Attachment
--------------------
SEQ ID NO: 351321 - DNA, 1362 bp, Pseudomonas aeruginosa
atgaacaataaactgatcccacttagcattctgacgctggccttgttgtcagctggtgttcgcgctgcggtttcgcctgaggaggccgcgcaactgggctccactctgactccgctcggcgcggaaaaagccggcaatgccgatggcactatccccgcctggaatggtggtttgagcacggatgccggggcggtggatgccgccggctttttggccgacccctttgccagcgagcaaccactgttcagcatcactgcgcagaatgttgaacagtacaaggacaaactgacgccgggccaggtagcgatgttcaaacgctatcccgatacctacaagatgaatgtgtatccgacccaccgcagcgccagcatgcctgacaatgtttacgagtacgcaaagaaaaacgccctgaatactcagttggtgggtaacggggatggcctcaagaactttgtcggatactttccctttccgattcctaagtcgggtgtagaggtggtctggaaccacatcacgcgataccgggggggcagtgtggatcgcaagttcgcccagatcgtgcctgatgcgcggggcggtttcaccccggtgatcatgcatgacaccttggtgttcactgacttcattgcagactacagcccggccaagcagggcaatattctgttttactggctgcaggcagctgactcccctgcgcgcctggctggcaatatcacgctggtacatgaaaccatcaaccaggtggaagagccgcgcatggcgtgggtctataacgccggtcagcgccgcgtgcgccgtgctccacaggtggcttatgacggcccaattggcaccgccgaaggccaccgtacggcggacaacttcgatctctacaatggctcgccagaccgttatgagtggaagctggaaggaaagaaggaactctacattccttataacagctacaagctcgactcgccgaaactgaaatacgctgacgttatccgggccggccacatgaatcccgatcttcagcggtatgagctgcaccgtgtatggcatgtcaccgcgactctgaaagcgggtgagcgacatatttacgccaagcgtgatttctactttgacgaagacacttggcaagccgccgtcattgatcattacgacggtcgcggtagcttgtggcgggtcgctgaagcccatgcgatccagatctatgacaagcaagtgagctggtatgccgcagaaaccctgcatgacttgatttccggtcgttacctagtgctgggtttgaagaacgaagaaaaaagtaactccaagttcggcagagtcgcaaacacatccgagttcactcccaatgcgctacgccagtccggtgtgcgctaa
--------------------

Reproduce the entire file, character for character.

SEQ ID NO: 351321 - DNA, 1362 bp, Pseudomonas aeruginosa
atgaacaataaactgatcccacttagcattctgacgctggccttgttgtcagctggtgttcgcgctgcggtttcgcctgaggaggccgcgcaactgggctccactctgactccgctcggcgcggaaaaagccggcaatgccgatggcactatccccgcctggaatggtggtttgagcacggatgccggggcggtggatgccgccggctttttggccgacccctttgccagcgagcaaccactgttcagcatcactgcgcagaatgttgaacagtacaaggacaaactgacgccgggccaggtagcgatgttcaaacgctatcccgatacctacaagatgaatgtgtatccgacccaccgcagcgccagcatgcctgacaatgtttacgagtacgcaaagaaaaacgccctgaatactcagttggtgggtaacggggatggcctcaagaactttgtcggatactttccctttccgattcctaagtcgggtgtagaggtggtctggaaccacatcacgcgataccgggggggcagtgtggatcgcaagttcgcccagatcgtgcctgatgcgcggggcggtttcaccccggtgatcatgcatgacaccttggtgttcactgacttcattgcagactacagcccggccaagcagggcaatattctgttttactggctgcaggcagctgactcccctgcgcgcctggctggcaatatcacgctggtacatgaaaccatcaaccaggtggaagagccgcgcatggcgtgggtctataacgccggtcagcgccgcgtgcgccgtgctccacaggtggcttatgacggcccaattggcaccgccgaaggccaccgtacggcggacaacttcgatctctacaatggctcgccagaccgttatgagtggaagctggaaggaaagaaggaactctacattccttataacagctacaagctcgactcgccgaaactgaaatacgctgacgttatccgggccggccacatgaatcccgatcttcagcggtatgagctgcaccgtgtatggcatgtcaccgcgactctgaaagcgggtgagcgacatatttacgccaagcgtgatttctactttgacgaagacacttggcaagccgccgtcattgatcattacgacggtcgcggtagcttgtggcgggtcgctgaagcccatgcgatccagatctatgacaagcaagtgagctggtatgccgcagaaaccctgcatgacttgatttccggtcgttacctagtgctgggtttgaagaacgaagaaaaaagtaactccaagttcggcagagtcgcaaacacatccgagttcactcccaatgcgctacgccagtccggtgtgcgctaa